Hong Kong: The dollar fell and Asian stocks dipped on Friday as the US economy showed further signs of slowing, while the euro appeared poised for further gains after breaching key resistance levels.
The dollar weakened broadly after reports that growth in industrial production had slowed sharply, offsetting a bright start to the US earnings season earlier this week which had briefly boosted markets.
In Asian trade, the dollar index slipped 0.1% against a basket of major currencies to 82.46, near a 2-month low. Near-term support was seen at 82.24, the daily high on April 25.
The euro rose to $1.2910, from around $1.2813 late in New York on Thursday when it gained 1.4% and surged above the 50% retracement of its April-June slide. Traders said the single currency will test $1.30 again, but noted there would be many sellers around that level.
The dollar is likely to come under increasing pressure as the US economic recovery loses momentum and as other countries in the world raise interest rates to fend off inflation, making their currencies more attractive, HSBC Global Research said in a note.
Asian stocks outside Japan dipped 0.2%, but the MSCI Asia ex-Japan index was on track for a small gain for the week. It has rebounded around 11% from its May lows as worries about Europe’s debt crisis slowly ease but is still down more than 2% for the year to date.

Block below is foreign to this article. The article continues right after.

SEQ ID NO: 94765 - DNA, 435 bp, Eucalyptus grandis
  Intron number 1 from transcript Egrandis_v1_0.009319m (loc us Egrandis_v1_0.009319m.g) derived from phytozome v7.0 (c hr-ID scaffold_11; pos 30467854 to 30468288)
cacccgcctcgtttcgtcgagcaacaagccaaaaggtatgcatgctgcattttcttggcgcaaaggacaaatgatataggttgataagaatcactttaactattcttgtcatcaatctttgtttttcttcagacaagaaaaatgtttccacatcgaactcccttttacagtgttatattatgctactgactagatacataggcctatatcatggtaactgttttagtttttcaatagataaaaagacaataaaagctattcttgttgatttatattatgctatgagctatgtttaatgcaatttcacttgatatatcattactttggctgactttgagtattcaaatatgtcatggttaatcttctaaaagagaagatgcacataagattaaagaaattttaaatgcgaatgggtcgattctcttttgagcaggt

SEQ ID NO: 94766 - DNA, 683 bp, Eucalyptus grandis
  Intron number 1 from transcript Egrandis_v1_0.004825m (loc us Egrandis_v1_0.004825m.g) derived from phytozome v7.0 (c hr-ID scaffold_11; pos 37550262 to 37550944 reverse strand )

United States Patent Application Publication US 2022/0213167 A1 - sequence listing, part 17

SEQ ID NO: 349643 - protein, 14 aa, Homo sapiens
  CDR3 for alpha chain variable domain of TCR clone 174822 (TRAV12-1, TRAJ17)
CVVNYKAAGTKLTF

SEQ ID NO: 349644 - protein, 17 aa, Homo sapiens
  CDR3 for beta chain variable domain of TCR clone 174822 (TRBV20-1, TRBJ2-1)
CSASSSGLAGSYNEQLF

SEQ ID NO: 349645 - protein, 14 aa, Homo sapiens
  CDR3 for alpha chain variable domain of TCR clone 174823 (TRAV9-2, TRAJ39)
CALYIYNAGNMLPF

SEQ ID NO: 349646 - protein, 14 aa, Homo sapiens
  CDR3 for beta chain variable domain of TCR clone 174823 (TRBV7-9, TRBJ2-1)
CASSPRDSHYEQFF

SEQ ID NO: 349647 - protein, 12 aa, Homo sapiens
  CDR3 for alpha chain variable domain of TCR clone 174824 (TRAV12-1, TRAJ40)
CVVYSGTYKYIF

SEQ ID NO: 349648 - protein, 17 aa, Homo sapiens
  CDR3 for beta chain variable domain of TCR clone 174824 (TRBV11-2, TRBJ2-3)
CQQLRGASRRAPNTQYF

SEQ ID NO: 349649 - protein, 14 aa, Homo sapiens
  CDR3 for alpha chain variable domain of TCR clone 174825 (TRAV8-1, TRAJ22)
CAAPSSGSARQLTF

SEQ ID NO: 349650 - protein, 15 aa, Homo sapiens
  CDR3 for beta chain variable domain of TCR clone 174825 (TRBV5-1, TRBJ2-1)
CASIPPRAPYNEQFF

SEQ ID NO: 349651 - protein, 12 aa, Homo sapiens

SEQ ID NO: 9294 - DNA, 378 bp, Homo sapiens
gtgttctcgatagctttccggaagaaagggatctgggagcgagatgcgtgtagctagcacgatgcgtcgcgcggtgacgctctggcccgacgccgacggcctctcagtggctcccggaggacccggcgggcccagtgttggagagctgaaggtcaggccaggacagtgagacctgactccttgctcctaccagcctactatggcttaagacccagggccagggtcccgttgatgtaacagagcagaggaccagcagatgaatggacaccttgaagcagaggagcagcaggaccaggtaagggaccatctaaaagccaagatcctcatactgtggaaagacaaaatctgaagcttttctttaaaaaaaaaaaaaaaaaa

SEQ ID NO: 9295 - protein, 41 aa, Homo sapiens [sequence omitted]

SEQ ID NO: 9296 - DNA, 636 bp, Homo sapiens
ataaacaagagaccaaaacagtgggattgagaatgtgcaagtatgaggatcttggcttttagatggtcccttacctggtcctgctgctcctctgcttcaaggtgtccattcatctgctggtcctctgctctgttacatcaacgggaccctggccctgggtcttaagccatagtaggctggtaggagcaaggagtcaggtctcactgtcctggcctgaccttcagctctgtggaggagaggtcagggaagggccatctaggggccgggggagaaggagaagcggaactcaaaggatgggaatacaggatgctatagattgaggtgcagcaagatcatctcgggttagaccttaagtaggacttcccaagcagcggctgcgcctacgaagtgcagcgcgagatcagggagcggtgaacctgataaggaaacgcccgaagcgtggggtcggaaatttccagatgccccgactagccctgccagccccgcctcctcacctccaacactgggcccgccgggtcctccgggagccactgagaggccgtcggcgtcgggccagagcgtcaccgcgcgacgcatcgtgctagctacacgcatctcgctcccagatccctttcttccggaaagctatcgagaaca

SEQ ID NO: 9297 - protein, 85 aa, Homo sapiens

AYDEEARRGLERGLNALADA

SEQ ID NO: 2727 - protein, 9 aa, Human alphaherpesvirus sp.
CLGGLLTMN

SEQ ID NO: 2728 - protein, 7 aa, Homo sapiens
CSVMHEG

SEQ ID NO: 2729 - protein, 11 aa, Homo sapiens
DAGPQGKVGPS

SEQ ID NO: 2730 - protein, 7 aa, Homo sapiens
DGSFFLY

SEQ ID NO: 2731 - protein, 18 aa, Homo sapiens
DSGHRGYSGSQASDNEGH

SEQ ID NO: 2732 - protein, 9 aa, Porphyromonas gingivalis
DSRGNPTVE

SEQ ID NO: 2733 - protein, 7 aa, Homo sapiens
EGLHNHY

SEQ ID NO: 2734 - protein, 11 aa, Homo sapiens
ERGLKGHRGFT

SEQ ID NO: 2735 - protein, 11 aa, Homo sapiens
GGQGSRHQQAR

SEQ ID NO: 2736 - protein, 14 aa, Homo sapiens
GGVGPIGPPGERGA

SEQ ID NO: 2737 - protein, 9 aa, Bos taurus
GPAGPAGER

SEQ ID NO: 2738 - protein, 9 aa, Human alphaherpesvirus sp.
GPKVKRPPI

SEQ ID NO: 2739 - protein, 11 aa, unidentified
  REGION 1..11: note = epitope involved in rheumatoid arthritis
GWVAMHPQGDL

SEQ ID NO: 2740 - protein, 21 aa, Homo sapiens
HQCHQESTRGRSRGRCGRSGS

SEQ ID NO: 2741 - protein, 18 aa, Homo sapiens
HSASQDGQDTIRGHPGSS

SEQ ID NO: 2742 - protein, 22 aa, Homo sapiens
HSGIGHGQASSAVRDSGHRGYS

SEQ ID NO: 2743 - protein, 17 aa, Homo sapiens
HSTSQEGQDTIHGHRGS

Japan’s Nikkei fell 2.2% as souring near-term technicals and concern about the US economy prompted investors to take profits from recent market gains.
“The micro base for the US, including things such as the Intel results earlier this week, is pretty good, but the macro base really isn’t, and this is raising a lot of concern about the US economy,” said Yutaka Miura, senior technical analyst at Mizuho Securities. “Nothing’s certain, but it looks as if we could be in for a bit of a correction.”
US stocks recouped early losses to end the day flat, led by a sudden turnaround in Goldman Sachs and BP
Goldman said it would pay a record $550 million to settle SEC charges that it misled investors in a subprime mortgage product, while BP said it had finally stopped the flow of oil from a deep-sea well which has caused an economic and environmental disaster in the Gulf of Mexico.
In Hong Kong, Agricultural Bank of China made a tepid debut as concerns about valuations, a waning appetite for new shares amid a glut of bank fundraisings and tough markets kept a lid on gains. The stock gained 3%, a day after a similarly weak debut in Shanghai
Crude prices was little changed around $76.55 a barrel on Friday, shedding early gains on concerns about weak US economic data.